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Sour Power

Fermented and cultured brews offer a naturally fizzy alternative to soda

Author Lora Shinn Photography Luis Garcia

tastemakers2

Fueled by the modern drive to get back to our farmhouse roots, the fermentation craze has brought housemade pickles and probiotic-rich sauerkraut to menus across the country. Now, the trend is hitting the bar, as mixologists experiment with healthful fermented and cultured sips—effervescent brews that get their fizz from microorganisms, like bacteria or yeast, rather than carbonation. Here, a primer on soda alternatives that health nuts are buzzing over. 

SHRUB Fruits and vegetables are fermented with sugar and vinegar for spicy, sweet, or tart flavors. 

TRY IT At San Diego’s Zymology 21, the “shrub flight” consists of five test tubes containing flavors like pomegranate- beet and blueberry-apple-honey, served with water, soda, or champagne. 

KOMBUCHA This tart, vinegary tonic is made by fermenting tea with a gelatinous “mother” or SCOBY, short for “symbiotic culture of bacteria and yeast.”  

TRY IT Fresh kombucha is on tap at The Fermentation Bar at Healdsburg Shed, in Healdsburg, California.

SWITCHEL Once popular with colonial-era farmers, switchels are made with vinegar and water flavored with molasses, ginger, or brown sugar.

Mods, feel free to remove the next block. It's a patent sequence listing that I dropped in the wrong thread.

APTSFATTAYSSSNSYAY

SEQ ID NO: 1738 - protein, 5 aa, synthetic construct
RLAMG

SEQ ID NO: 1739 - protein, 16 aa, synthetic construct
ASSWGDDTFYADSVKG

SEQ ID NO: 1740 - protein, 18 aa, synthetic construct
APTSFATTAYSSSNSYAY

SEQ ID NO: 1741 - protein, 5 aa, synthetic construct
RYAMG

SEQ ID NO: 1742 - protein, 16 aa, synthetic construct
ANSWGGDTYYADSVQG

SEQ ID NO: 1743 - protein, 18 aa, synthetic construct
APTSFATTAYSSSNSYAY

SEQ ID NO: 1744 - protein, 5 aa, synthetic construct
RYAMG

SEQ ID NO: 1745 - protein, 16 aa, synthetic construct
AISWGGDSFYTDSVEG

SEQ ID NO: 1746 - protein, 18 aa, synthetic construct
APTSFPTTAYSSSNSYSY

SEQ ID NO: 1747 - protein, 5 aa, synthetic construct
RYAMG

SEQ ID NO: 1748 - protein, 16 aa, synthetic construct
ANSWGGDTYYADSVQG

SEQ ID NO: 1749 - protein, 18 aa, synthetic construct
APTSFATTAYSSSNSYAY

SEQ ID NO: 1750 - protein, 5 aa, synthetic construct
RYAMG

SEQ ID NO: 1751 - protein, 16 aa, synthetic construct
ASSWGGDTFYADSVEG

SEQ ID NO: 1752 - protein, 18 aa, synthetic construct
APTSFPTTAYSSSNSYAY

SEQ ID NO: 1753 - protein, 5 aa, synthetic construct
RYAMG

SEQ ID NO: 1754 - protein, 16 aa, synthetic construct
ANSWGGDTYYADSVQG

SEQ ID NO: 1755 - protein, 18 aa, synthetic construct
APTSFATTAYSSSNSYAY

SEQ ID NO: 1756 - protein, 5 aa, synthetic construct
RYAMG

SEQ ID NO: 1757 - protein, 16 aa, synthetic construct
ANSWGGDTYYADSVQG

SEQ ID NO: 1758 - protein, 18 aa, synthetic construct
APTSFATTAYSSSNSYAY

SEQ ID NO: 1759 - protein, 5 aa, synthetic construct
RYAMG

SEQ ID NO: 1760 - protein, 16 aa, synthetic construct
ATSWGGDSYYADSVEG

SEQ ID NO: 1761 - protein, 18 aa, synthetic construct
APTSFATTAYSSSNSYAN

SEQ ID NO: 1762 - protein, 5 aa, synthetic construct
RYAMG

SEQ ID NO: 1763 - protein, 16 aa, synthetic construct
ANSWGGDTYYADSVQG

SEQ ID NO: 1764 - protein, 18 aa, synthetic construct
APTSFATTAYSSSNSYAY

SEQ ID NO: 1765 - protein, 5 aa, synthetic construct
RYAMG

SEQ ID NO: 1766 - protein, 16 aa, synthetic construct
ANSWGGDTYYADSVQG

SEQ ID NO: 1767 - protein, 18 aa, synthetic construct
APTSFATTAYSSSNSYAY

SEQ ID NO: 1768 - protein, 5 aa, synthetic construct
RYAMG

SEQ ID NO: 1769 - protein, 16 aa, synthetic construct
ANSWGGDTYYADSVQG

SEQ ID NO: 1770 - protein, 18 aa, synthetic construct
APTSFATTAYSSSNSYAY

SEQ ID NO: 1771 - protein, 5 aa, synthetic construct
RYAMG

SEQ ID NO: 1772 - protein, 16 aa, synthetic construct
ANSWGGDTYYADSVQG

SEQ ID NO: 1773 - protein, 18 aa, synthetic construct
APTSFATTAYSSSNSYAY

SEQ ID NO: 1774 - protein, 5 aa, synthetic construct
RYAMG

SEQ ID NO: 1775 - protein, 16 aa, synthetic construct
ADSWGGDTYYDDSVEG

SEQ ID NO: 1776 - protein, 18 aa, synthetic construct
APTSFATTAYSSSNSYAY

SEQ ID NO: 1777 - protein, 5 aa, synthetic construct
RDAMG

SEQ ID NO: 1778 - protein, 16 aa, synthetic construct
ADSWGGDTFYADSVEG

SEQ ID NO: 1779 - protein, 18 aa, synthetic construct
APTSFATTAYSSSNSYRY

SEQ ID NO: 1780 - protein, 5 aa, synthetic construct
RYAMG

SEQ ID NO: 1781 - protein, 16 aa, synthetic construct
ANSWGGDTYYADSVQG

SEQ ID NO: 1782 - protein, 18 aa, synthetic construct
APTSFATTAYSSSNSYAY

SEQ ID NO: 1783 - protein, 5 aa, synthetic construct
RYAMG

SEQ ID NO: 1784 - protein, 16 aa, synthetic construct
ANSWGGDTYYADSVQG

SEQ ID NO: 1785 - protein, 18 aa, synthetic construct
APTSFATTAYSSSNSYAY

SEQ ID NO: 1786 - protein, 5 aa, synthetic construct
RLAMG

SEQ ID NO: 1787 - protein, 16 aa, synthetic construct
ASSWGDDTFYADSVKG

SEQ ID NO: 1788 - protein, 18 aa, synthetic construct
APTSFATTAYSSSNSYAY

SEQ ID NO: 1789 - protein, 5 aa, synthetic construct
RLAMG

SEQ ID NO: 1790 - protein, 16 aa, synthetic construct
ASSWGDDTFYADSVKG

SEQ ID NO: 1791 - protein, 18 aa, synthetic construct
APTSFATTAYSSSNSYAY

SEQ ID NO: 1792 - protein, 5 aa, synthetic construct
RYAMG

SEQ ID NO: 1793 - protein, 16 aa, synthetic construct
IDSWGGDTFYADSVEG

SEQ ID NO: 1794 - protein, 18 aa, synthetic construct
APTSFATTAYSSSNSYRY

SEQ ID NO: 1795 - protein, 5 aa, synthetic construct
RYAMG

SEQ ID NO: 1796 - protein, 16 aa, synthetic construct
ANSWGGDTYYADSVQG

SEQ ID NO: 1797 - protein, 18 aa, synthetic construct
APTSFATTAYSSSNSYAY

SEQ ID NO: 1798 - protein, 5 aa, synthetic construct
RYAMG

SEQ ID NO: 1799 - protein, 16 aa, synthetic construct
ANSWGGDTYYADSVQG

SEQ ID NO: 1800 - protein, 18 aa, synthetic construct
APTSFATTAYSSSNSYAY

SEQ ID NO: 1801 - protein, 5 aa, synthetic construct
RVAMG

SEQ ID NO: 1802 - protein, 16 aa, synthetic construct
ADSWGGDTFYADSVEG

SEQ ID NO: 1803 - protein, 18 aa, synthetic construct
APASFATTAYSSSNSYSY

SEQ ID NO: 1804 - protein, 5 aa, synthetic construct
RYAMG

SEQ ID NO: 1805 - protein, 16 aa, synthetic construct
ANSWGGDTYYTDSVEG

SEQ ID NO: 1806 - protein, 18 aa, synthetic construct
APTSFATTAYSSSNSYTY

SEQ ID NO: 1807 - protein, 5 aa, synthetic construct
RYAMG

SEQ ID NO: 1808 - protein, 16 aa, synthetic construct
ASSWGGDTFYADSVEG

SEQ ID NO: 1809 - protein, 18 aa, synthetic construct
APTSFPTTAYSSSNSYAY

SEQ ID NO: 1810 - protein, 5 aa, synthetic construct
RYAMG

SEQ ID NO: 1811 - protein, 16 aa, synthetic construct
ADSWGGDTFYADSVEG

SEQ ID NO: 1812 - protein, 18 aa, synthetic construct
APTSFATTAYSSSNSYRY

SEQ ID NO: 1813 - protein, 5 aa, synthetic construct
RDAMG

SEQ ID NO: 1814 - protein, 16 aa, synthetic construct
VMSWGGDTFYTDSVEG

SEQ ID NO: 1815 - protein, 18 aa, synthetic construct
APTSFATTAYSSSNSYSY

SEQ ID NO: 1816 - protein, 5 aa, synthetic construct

TRY IT Bartenders at Louisville’s Proof on Main swap in verjus (unripe grape juice) for the traditional vinegar and combine it with rosemary, ginger, and sorghum in the Proof Switchel. 

LASSI This creamy Indian drink—served salty or sweet—can be made with yogurt or buttermilk enhanced with fruits, herbs, and spices. 

TRY IT The mango lassi at Nashville’s Chauhan Ale & Masala House is made with fresh mango pulp, yogurt, sugar, and milk and served over ice. 

LABAN Ayran This chilled, frothy yogurt drink from Turkey is often flavored with mint and garlic. 

TRY IT New York’s Souk & Sandwich pairs housemade yogurt with dried mint, fresh-pressed garlic, and kosher salt. 

GINGER BEER A spicy drink that gets its fizz from a “ginger bug,” a fermented or bacterial starter (a critter in name only). 

TRY IT House-brewed, non-alcoholic ginger beer is made with organic ginger root at Be Love Restaurant in Victoria, British Columbia. 

KEFIR Originally made with camel’s milk in the Caucasus, this yogurtlike drink involves infusing animal or non-animal milk with kefir grains (small globs of bacteria and yeast).   

TRY IT The Kefiry in Sebastopol,  California, makes non-dairy kefir in flavors such as Tulsi Rose, Lemon Gingerale, Guayusa Kola, and Turmeric.

KVASS This fermented potion hails from Eastern Europe and is traditionally made from rye bread or beets and flavored with fresh or dried fruit.

TRY IT At San Francisco’s Bar Tartine, the savory rye-beet version of this  drink is enhanced with caraway, fennel, and dill and served straight up or with a pickle-brine chaser.

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